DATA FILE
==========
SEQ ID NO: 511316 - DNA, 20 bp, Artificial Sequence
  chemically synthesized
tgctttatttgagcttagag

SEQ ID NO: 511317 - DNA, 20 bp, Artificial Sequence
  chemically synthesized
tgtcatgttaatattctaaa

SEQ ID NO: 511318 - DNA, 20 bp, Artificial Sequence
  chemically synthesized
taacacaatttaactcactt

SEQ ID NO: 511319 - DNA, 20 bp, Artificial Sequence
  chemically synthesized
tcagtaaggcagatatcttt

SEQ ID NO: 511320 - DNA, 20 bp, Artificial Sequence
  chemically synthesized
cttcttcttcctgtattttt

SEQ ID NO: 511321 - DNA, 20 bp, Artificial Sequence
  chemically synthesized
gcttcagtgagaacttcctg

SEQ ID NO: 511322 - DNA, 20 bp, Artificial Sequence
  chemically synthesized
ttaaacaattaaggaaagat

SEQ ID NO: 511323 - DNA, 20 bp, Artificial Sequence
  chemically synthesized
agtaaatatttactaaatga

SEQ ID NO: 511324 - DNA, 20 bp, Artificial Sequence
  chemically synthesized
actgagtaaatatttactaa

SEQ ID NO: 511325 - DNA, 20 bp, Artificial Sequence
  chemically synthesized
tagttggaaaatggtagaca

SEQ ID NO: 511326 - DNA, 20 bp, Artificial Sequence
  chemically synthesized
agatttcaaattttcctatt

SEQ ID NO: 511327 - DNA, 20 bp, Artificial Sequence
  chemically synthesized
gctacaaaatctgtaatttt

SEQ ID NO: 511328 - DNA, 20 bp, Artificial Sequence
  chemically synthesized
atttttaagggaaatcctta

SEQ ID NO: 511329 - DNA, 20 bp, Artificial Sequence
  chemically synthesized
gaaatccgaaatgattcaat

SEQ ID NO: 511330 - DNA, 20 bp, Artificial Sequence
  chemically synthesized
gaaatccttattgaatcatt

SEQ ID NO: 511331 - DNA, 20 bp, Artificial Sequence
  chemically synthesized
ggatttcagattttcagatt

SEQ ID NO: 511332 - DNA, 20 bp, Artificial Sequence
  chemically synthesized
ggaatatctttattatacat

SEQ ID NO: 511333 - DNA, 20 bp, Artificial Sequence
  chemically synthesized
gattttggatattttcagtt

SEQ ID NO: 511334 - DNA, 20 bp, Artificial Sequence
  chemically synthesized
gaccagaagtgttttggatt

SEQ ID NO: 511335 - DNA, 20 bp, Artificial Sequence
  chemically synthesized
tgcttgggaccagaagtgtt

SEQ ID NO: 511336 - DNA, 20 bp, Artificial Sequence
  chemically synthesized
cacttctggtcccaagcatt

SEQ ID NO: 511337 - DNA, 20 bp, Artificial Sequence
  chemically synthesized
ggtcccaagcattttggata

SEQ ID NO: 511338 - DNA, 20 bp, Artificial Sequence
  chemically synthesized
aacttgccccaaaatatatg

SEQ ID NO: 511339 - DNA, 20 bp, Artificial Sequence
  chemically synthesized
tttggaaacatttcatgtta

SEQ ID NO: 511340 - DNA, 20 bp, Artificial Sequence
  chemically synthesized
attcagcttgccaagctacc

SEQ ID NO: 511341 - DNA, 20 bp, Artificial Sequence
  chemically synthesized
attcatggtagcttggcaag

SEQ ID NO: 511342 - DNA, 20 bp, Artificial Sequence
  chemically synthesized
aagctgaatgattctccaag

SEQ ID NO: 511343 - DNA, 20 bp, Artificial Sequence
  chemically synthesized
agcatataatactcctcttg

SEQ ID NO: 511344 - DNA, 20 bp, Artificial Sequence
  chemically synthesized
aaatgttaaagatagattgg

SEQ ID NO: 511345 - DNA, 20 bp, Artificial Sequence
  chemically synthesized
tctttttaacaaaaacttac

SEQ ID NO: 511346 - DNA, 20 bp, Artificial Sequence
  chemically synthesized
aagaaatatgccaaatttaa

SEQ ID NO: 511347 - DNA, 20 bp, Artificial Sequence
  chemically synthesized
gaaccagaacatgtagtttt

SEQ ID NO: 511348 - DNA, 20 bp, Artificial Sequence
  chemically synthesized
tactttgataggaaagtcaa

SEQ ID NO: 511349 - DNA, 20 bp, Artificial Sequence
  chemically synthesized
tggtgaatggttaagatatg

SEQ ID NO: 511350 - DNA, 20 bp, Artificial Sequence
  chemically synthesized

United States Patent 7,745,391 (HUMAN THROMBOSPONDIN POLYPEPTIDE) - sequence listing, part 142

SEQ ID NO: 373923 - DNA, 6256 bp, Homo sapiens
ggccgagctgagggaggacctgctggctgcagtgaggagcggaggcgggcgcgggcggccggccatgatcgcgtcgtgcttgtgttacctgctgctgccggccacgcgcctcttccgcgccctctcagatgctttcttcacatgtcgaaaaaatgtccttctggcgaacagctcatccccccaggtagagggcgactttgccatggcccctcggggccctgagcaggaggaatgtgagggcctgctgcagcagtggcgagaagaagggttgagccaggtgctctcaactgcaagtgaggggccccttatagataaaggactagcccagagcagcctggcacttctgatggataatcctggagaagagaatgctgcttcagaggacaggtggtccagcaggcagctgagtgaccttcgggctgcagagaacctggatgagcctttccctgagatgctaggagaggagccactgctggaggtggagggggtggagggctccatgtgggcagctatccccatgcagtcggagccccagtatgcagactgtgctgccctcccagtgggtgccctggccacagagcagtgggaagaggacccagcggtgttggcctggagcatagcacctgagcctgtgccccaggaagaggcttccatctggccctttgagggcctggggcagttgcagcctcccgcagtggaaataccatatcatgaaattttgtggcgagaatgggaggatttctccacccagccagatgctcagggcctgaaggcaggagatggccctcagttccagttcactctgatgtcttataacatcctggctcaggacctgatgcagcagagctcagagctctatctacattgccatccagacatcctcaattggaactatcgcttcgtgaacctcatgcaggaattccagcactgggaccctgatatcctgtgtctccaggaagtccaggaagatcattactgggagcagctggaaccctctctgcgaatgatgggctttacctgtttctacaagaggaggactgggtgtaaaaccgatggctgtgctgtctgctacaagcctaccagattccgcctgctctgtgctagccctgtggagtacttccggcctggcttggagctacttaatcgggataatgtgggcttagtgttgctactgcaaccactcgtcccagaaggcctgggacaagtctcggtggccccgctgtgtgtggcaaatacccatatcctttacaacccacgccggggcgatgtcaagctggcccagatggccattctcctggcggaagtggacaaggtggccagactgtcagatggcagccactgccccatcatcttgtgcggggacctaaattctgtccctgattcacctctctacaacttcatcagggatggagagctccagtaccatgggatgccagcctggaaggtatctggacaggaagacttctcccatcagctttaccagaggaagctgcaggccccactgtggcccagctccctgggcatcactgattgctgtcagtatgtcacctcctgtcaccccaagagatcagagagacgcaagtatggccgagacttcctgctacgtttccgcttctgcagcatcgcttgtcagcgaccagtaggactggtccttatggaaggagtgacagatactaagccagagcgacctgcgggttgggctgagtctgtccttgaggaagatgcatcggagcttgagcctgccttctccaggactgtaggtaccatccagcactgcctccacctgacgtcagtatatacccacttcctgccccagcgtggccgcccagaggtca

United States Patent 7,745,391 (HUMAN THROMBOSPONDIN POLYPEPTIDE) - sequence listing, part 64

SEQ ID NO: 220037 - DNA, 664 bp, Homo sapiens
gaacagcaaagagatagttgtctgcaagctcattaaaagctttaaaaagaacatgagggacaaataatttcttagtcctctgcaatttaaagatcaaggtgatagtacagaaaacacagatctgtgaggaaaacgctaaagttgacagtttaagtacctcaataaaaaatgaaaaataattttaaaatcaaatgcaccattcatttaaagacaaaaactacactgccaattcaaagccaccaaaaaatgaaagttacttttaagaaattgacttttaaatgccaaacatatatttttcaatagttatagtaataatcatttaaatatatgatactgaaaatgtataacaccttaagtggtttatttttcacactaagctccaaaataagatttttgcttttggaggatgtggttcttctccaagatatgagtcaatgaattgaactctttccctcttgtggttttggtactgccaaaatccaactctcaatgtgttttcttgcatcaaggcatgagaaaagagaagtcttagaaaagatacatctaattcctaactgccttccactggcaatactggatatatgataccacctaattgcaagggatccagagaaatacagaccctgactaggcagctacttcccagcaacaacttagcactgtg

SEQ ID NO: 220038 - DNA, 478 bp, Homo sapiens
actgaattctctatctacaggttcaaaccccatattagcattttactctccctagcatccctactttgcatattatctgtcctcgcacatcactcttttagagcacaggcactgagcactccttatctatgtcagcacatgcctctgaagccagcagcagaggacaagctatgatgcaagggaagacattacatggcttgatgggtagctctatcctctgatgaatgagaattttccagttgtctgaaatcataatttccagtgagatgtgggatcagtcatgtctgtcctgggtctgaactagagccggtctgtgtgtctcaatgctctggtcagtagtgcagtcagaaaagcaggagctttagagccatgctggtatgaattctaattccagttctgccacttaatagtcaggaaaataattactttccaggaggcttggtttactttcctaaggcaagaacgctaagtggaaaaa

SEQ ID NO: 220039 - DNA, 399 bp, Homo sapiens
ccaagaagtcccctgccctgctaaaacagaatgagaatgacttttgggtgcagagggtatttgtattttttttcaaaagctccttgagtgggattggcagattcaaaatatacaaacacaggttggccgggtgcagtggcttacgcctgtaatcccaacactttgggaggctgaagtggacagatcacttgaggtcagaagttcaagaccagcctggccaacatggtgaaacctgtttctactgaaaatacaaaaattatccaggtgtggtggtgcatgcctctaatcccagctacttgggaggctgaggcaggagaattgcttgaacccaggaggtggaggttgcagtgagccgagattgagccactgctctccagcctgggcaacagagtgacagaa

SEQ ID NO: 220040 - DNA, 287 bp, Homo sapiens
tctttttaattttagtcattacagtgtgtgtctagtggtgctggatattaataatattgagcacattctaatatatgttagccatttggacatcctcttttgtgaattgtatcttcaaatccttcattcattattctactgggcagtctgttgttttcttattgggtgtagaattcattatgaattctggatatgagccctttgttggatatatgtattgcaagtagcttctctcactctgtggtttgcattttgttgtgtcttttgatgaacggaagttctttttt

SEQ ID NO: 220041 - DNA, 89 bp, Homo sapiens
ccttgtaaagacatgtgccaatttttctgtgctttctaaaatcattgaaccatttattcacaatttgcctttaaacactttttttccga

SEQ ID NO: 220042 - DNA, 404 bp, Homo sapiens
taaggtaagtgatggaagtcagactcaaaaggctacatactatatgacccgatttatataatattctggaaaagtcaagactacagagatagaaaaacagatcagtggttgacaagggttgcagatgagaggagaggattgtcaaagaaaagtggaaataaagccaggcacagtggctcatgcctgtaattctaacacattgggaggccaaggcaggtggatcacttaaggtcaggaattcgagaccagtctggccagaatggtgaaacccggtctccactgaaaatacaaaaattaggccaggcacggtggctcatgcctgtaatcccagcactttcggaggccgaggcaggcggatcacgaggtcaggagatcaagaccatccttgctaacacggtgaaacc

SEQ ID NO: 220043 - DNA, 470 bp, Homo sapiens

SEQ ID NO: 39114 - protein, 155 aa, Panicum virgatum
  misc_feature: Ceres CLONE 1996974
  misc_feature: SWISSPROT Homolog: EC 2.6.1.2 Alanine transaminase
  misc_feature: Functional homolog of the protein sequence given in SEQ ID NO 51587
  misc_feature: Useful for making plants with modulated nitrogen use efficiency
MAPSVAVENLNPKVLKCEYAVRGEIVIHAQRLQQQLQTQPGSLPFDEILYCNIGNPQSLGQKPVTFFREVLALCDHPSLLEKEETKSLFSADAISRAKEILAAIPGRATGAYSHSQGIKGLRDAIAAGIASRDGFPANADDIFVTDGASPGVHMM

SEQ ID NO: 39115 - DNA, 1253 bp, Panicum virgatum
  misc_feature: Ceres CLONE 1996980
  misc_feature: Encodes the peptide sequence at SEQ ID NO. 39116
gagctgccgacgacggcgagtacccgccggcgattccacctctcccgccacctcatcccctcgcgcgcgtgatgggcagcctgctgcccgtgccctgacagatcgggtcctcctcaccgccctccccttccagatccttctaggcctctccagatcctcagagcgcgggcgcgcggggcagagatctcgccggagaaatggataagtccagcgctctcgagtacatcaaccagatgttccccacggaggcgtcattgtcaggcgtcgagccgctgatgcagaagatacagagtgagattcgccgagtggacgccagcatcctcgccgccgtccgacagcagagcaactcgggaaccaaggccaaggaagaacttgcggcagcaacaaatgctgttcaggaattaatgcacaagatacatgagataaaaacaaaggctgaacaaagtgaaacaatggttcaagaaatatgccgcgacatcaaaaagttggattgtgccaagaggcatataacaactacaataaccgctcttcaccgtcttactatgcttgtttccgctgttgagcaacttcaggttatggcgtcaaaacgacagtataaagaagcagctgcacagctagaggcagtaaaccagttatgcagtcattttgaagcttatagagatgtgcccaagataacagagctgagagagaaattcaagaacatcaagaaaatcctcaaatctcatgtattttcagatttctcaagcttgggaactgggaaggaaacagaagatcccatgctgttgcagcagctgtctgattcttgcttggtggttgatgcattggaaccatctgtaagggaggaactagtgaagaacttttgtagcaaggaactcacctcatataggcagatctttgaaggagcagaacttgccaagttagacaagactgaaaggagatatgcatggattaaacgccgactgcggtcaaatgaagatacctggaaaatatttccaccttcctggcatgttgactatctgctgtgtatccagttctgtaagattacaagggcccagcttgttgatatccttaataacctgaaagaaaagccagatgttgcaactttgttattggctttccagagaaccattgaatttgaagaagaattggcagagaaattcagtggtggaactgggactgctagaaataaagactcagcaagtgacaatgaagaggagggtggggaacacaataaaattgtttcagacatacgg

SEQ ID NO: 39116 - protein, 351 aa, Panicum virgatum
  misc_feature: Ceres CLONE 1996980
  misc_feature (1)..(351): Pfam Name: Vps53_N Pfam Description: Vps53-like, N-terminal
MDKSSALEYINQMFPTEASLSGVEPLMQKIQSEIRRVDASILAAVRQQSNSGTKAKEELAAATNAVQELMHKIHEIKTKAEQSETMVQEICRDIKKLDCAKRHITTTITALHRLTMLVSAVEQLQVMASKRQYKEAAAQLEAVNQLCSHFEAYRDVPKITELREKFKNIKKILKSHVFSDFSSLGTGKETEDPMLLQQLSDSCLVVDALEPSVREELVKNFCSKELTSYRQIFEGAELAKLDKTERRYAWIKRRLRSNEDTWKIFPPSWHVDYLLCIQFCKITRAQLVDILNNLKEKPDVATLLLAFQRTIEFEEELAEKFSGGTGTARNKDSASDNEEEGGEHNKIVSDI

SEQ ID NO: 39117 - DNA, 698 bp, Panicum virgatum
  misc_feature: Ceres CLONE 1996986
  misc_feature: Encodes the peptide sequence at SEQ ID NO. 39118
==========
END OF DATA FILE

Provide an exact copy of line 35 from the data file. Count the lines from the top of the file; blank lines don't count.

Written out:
  chemically synthesized